Ask The Best And Brightest: When Are Two Pedals Better Than Three?

Derek Kreindler
by Derek Kreindler
ask the best and brightest when are two pedals better than three

A scheduling conflict led me to be booked into a 2013 Mazda CX-5 SkyACTIV. With Jack and Brendan having already driven the car, I’ll spare you all yet another review discussing Mazda’s latest crossover. But a week in the CX-5 raised an interesting question; when are automatics better than a stick shift, even if it’s a vehicle that (arguably) has some appeal as a driver’s car?

The Mazda3 SkyACTIV, as well as the CX-5, both use Mazda’s newest SkyACTIV powertrain. As my review of the Mazda3 revealed, the SkyACTIV powertrain is better suited to the 6-speed automatic, even though the manual is a great gearbox. Driving the CX-5 confirmed this. The CX-5 seems to want to upshift to the highest gear ASAP, but when commuting, I don’t find it so bothersome. The transmission kicks down when needed, shifts are beautifully smooth, and the manual model enables nearly unfettered use of all six forward gears.

The SkyACTIV isn’t the only instance of a two-pedal gearbox being the one to get. The E60 M5 was famously set up to work best with the SMG gearbox. U.S. gearheads complained until BMW relented and offered a six-speed manual. It turned out that the stick shift was a poor choice for the car, no matter how much enthusiast cred it added. Most of the time, I’ll take a stick shift, even though I engage in a lot of stop-and-go driving. But my memory doesn’t extend far enough to remember the muscle car era, when an automatic was often preferred. Best and brightest, fill in the gaps in my knowledge. When is an automatic the gearbox of choice? Or am I just plain wrong?

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2 of 123 comments
  • JaySeis JaySeis on Apr 08, 2012

    2 pedals, definitely for towing. My '03 Expedition would tow circles around my 6 speed '99 F250 SD. I've grown so accustomed to the '06 GT's swift 2-3 and 3-4 shift (way faster than any gear jammer) that I look forward to newer and better autos. I drove sticks since the late 60's and manuals will always beat autos in basic reliability unless you are a chronic clutch abuser. Even then clutch replacement is way cheaper than an auto that's been lunched. Computer controlled n-speed autos = $$$. But if I'd had a post apocalypse zombie squashing legacy rig to own, it'd be a stick.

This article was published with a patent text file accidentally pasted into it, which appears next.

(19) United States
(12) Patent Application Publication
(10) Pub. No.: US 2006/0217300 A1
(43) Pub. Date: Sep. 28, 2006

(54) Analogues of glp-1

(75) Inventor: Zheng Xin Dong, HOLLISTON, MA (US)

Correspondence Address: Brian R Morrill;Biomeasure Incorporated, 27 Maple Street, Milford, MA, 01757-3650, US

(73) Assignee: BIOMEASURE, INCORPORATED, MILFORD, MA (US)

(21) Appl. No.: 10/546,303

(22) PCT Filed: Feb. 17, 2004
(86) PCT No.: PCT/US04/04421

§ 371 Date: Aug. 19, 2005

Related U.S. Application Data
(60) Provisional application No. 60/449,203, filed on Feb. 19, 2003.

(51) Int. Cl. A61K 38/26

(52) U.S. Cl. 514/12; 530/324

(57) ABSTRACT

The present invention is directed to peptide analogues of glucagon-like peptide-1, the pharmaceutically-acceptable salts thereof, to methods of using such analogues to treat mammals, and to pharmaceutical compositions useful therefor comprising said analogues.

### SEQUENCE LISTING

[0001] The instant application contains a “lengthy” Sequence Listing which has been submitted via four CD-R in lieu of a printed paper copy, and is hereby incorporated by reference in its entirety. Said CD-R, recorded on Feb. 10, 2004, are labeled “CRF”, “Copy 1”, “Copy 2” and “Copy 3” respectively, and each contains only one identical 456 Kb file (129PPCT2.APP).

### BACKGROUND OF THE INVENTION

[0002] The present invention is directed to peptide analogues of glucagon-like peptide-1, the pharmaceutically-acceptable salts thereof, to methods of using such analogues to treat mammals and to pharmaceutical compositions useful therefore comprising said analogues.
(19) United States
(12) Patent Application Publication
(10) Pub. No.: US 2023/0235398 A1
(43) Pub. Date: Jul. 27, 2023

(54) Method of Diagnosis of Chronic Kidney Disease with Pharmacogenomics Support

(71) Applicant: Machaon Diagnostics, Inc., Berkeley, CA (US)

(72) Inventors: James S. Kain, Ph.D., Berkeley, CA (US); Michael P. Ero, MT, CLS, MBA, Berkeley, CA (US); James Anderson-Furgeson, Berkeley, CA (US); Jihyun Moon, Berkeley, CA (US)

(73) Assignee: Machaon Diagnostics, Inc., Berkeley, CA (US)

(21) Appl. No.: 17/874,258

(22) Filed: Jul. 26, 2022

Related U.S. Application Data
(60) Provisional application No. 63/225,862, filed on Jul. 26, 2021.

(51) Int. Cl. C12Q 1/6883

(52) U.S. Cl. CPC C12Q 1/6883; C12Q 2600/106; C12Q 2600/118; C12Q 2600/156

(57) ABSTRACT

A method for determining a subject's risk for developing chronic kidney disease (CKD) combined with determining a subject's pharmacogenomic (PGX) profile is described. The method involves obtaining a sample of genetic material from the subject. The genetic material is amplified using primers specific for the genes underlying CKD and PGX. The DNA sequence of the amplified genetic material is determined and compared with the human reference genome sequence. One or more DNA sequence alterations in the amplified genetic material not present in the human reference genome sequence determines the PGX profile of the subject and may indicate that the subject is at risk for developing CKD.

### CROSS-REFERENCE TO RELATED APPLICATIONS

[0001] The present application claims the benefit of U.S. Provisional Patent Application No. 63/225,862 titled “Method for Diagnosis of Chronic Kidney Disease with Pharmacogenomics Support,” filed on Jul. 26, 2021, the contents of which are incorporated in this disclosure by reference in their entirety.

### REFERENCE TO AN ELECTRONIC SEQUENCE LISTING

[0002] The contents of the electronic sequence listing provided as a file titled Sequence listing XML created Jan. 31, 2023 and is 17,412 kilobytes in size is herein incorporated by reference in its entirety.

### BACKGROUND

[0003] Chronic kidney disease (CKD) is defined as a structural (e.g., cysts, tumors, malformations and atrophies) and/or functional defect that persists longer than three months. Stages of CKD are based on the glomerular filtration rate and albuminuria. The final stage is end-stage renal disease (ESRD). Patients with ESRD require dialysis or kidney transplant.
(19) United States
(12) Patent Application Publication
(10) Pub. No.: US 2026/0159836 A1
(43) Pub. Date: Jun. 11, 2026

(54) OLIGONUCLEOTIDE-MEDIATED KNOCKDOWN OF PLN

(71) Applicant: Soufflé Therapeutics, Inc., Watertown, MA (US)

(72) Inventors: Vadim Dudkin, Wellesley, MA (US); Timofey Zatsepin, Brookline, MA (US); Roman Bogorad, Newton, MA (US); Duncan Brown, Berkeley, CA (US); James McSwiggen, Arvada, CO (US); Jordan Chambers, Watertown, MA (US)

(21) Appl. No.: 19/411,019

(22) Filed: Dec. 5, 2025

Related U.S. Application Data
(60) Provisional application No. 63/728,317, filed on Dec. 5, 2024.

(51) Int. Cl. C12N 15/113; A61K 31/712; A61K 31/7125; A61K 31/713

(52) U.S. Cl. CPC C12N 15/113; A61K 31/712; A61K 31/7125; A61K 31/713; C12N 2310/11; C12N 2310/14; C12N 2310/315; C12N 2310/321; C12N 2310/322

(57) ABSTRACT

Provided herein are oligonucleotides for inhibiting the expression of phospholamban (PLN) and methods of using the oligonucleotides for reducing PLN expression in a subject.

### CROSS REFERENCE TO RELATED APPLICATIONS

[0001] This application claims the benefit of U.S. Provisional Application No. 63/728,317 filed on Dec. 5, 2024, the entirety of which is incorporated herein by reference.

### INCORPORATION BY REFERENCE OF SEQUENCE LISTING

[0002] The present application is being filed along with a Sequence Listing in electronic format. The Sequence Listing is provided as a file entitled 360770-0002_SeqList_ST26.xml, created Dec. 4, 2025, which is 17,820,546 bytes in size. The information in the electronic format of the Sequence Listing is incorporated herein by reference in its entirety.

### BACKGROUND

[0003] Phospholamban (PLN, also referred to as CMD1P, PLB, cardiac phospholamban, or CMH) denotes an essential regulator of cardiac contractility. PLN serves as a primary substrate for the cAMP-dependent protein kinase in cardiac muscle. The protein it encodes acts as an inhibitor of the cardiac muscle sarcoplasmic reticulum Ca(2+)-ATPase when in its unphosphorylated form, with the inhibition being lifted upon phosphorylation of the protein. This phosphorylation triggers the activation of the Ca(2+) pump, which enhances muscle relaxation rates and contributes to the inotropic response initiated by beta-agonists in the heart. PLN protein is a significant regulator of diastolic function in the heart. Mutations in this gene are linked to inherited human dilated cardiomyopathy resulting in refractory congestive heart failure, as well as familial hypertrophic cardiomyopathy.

• Mcnabb100 Mcnabb100 on Apr 09, 2012

    The automatic in my grand am gt is pretty nice. The v6 has plenty of torque, and the tranny is fully willing to downshift if I need a bit of get up and go. Very nice combo.

  • MaintenanceCosts Nice color combo. Worth noting that this is not a conventional automatic but an automated manual, which gets you all the roughness of a real manual with none of the fun. Also not sure why everyone loves the V10 so much; it sounds more UPS truck than performance car except at the extreme high end of the tach. Having said that the E60's looks have aged VERY well; the car looks nicer now than it did when it was new.
  • Kcflyer just happy it's not black, white or silver. hooray for color choice
  • Matt Posky I paid a little under $300 bucks per month to park in Queens and was told by everyone else with a car that it was a great deal. Parking in Manhattan is typically far more expensive to rent and often involves waiting 20 minutes while someone fetches your car. Unless it was a secure garage where you yourself have 24 hour access directly to the vehicle, and it was less than a block away, there is no scenario in which I would actually purchase a parking spot in Manhattan.
  • Jeff S VoGhost--He is a Russian troll.
  • GrumpyOldMan The weather protection of a motorcycle plus the bulk of a car.